Early in 2018, Bloomington, MN, resident Holly Ziebol was diagnosed with glioblastoma, the most common form of brain cancer in adults. “She has a rare type of glioblastoma that harbors a mutation in a histone gene,” explained Clark C. Chen, MD, PhD, U of M Department of Neurosurgery Head. “Histones are proteins that package DNA into structural units. They regulate which genes are turned on and which are turned off.” This mutation, known as H3K27M, turns on a set of genes leading to protein formation that drives cancer growth, Chen added.
“If you look at progress in neurosurgery over the last 100 years, it has, to a large extent, paralleled and depended on advances in technology,” said Garnette Sutherland, MD, Professor of Neurosurgery, University of Calgary, Canada. “One can see how technology plays a big role in patient outcome following a neurosurgical procedure.” Sutherland, who has “played” with technology throughout his long career as a neurosurgeon, was on the U of M campus recently to participate in one of many “collisions” being orchestrated by the U of M’s Neurorobotics Consortium.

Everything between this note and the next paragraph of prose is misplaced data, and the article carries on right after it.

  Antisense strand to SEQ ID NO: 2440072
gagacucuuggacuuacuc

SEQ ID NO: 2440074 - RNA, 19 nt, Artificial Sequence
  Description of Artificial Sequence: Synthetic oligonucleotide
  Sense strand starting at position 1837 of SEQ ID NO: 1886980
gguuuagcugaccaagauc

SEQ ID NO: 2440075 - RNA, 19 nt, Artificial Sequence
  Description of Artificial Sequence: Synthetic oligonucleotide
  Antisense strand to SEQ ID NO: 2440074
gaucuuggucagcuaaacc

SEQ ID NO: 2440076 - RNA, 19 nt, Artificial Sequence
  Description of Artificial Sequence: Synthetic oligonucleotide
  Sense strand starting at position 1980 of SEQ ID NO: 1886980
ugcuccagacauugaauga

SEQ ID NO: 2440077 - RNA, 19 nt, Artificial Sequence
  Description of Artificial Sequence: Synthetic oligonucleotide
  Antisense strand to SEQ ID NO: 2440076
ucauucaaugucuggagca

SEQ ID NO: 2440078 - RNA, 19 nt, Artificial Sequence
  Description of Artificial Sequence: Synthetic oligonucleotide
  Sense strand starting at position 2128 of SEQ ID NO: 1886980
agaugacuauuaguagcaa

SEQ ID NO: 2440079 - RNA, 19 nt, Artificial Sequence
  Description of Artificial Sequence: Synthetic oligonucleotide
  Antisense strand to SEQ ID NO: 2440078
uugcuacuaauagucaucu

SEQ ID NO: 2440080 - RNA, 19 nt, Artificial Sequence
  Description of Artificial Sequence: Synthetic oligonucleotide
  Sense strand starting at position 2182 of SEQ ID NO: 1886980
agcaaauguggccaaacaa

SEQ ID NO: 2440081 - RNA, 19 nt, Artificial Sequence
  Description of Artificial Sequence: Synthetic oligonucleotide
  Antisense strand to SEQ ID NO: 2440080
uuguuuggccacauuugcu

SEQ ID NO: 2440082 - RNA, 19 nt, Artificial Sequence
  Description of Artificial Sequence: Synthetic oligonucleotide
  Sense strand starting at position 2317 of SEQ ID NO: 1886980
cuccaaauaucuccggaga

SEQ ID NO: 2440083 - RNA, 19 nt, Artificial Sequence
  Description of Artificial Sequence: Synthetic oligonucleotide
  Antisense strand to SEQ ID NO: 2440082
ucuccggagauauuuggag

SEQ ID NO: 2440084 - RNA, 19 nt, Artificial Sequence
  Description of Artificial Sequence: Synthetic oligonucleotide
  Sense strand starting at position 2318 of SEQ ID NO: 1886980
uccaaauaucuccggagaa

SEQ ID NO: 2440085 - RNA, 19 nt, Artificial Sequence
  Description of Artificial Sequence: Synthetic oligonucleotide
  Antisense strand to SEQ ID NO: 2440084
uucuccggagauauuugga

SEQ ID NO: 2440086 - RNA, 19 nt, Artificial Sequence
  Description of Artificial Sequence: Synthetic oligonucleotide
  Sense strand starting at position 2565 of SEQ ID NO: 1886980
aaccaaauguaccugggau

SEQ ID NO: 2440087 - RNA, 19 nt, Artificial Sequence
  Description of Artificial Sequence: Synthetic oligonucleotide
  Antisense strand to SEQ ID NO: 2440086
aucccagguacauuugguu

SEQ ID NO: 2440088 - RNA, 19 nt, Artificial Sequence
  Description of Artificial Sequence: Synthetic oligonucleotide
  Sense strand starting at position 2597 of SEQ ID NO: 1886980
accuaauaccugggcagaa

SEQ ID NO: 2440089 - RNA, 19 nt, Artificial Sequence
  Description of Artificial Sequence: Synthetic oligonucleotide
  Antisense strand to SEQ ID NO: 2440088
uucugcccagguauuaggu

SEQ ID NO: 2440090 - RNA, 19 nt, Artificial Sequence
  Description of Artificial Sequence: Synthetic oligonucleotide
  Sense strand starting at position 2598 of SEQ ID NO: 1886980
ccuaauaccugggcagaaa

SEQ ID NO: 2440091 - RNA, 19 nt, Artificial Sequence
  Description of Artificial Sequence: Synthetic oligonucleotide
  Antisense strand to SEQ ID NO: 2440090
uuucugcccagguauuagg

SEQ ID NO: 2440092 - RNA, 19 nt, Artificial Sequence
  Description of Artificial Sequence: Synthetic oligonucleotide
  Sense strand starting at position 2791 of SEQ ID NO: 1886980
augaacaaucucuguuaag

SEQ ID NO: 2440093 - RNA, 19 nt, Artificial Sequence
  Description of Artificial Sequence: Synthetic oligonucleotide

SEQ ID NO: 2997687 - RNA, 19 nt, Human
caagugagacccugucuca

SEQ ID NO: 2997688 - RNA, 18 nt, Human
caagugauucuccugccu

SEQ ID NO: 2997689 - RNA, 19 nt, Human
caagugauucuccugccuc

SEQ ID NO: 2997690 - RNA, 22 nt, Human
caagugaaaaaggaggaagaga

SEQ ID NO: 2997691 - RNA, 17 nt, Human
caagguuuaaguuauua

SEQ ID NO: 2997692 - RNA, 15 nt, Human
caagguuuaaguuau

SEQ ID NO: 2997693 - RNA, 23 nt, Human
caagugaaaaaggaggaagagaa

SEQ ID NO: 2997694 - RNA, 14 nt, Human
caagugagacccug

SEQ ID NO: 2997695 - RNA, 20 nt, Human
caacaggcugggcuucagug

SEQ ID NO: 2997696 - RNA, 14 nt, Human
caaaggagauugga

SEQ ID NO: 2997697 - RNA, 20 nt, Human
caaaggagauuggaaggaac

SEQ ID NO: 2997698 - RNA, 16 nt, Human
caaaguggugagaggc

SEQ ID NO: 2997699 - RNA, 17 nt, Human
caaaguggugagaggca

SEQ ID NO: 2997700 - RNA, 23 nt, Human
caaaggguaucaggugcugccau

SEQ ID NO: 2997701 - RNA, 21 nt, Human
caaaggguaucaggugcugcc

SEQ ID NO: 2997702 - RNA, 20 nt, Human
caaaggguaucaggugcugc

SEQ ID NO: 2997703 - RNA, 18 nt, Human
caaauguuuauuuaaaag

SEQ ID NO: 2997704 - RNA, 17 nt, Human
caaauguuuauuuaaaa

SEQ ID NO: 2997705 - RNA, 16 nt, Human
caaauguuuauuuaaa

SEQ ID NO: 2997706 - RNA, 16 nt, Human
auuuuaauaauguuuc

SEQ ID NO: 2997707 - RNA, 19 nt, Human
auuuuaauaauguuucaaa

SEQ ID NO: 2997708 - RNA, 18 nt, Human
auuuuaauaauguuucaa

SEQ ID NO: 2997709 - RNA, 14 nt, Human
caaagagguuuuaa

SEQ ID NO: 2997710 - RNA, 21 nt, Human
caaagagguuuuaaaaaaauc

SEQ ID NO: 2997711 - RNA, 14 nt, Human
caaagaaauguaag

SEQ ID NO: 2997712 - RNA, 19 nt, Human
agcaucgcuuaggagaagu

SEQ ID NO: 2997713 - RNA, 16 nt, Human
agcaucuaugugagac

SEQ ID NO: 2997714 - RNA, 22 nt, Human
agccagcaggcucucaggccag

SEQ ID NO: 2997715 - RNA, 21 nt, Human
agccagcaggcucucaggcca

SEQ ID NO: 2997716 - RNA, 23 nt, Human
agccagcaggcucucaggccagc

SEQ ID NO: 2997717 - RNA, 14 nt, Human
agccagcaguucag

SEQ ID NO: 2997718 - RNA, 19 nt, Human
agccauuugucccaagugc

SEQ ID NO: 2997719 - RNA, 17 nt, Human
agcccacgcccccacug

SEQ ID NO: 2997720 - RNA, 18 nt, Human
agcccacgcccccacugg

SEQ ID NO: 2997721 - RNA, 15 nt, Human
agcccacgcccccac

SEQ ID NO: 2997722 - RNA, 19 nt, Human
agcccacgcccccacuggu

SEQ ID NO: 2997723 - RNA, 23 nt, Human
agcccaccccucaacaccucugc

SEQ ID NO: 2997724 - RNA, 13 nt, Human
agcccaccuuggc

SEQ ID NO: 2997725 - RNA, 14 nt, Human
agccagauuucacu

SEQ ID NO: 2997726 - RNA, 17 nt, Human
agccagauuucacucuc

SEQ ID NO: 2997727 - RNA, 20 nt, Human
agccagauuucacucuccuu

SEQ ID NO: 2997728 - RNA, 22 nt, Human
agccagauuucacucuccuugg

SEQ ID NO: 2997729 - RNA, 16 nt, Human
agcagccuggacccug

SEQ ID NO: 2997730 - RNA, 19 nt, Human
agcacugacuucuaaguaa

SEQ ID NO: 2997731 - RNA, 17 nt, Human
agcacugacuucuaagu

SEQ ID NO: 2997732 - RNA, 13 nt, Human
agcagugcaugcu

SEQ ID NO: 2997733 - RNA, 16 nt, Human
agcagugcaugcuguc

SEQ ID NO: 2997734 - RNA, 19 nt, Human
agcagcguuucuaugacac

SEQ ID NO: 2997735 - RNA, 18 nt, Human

According to the American Association of Nurse Practitioners (AANP), nurse practitioners (NPs) have been assessing patients, ordering and interpreting tests, making diagnoses and initiating and managing treatment plans — including prescribing medications — for almost 50 years. How do these dedicated professionals view their roles? Pediatric Nurse Practitioner Leah Kann, who has been with the Neurosurgery Department for eight years, and Family Nurse Practitioner Emma Venteicher, who is new to the department, shared their perspectives.